Large U.S. cities are among the most culturally diverse places to live in the world — but in a country with a long history as a beacon for immigrants, it’s not always the case that size matters. Diasporas from around the globe have established themselves in many parts of the country, not just major metropolitan areas.
Take New York City as an example. The Migration Policy Institute nonpartisan think tank estimates that more than one in five Big Apple residents were foreign born in 2019, making it the largest most ethnically diverse city in the country.
But compared to the 25 small U.S. cities with the largest shares of foreign-born residents, New York would barely make the list. Eighteen of those cities have larger shares of foreign-born residents than New York, led by two Florida cities – The Hammocks and North Miami – where more than half of residents were born abroad, mostly from Haiti, Cuba, Colombia, Venezuela, and Nicaragua.
To determine the small cities attracting the most immigrants, 24/7 Wall St. reviewed data on foreign-born populations from the U.S. Census Bureau’s American Community Survey. Cities, towns, and Census-designated places were ranked based on the percentage-point change in foreign-born population as a percentage of the total population from 2016 to 2020. Supplemental data on country of origin and total population also came from the ACS. Only places with populations between 50,000 and 250,000 were considered. All data are five-year estimates.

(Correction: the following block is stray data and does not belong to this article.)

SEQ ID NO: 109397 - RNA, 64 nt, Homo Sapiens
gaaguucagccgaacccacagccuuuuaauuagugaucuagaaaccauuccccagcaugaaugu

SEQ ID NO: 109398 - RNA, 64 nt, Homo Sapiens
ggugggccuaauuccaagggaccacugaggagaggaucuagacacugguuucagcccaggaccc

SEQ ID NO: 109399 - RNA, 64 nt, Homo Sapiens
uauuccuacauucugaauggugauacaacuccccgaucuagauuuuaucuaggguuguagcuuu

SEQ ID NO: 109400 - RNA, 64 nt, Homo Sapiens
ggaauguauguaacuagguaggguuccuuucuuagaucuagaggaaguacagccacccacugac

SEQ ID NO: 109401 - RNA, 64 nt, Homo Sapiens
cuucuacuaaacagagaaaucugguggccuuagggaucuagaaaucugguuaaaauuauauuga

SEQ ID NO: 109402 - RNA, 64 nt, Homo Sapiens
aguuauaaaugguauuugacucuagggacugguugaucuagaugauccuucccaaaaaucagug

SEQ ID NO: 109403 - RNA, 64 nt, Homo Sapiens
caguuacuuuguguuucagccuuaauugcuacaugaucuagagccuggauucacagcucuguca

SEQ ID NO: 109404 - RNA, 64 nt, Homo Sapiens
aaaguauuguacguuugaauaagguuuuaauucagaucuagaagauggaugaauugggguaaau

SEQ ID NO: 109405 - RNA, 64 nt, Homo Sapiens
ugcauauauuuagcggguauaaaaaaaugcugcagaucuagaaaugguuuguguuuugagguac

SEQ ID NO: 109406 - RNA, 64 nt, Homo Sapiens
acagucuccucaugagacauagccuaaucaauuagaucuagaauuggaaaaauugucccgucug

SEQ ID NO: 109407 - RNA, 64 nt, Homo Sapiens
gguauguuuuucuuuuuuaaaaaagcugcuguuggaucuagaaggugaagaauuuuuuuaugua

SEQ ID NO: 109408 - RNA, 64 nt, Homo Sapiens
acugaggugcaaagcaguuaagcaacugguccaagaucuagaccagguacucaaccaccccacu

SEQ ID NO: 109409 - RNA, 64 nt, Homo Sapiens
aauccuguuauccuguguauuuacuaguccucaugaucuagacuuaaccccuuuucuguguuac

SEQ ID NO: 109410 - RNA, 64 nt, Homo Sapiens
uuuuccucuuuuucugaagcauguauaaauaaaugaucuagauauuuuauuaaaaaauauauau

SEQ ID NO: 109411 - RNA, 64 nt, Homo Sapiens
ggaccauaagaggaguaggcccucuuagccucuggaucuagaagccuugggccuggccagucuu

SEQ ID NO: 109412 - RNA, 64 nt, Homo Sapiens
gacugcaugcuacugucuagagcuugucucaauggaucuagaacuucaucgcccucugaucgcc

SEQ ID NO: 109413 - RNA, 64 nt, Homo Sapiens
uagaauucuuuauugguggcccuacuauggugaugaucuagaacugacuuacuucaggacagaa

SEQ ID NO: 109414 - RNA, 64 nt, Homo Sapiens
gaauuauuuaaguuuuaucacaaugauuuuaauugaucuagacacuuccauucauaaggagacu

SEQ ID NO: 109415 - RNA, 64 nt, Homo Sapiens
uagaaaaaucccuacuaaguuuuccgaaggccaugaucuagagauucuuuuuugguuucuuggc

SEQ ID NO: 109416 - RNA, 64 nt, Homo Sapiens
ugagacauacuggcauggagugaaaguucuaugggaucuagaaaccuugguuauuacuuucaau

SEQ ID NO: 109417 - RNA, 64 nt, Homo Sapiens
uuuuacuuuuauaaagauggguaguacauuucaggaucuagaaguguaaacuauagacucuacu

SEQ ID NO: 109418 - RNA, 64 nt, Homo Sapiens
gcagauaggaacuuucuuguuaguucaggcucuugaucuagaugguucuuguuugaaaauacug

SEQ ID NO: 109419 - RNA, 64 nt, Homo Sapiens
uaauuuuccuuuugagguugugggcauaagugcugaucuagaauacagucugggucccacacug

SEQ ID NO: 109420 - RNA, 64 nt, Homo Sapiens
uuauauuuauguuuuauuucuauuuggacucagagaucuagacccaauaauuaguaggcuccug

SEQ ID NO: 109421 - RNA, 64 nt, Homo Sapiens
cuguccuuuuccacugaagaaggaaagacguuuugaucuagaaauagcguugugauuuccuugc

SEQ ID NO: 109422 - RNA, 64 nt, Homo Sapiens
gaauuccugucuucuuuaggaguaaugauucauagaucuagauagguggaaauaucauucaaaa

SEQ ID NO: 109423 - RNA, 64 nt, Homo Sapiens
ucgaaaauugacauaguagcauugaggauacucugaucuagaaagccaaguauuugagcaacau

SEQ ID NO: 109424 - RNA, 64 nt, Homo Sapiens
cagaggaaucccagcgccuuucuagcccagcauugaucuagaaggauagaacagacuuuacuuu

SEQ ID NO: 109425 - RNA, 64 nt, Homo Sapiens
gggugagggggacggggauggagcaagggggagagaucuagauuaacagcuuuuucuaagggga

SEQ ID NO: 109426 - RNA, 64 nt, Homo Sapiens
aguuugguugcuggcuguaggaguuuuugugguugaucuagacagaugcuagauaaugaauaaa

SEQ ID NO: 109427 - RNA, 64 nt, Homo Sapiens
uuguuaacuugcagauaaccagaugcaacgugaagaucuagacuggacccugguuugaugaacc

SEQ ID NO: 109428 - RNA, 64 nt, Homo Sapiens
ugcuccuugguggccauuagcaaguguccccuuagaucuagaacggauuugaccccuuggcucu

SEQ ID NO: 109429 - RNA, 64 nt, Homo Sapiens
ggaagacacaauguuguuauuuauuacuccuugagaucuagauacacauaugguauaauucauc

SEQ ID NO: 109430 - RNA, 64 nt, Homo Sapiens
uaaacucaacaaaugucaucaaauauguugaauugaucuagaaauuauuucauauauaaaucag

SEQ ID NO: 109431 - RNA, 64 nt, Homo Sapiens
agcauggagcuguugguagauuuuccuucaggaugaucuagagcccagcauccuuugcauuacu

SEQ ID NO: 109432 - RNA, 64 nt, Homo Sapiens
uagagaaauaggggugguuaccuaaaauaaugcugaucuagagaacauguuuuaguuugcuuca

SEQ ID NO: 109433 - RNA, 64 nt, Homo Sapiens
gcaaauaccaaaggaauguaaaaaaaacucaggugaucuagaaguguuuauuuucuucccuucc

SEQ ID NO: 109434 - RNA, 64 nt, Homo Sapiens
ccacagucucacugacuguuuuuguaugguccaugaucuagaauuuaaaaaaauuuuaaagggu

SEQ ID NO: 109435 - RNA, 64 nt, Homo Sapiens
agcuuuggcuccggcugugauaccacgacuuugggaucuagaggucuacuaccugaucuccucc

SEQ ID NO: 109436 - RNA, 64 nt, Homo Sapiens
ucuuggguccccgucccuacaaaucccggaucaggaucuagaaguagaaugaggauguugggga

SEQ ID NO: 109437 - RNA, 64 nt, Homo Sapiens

More than a third of residents in nine small cities – including Brockton, Massachusetts; Irvine, Texas; and Paterson, New Jersey – were born outside of the country.
The number of foreign-born immigrants in these 25 cities continues to grow. Between 2016 and 2020, the number of foreign-born residents in Gardena, California, increased by 4 percentage points, to more than 37%, thanks primarily to the influx of Mexicans, Koreans, Japanese, and Filipinos. In Sammamish, Washington, that rate of growth was 6.2 percentage points, led by immigration from India, China, Canada, and Taiwan.
Seven of these 25 cities are in Florida, followed by four each in Texas and Florida, illustrating that the largest states by population are also home to a majority of small cities attracting the newest immigrants.
A foreign-born resident is defined as anyone in the country who is a naturalized citizen, a lawful permanent immigrant, a refugee or asylee, a visa-holding temporary immigrant, or an immigrant residing in the country without authorization.
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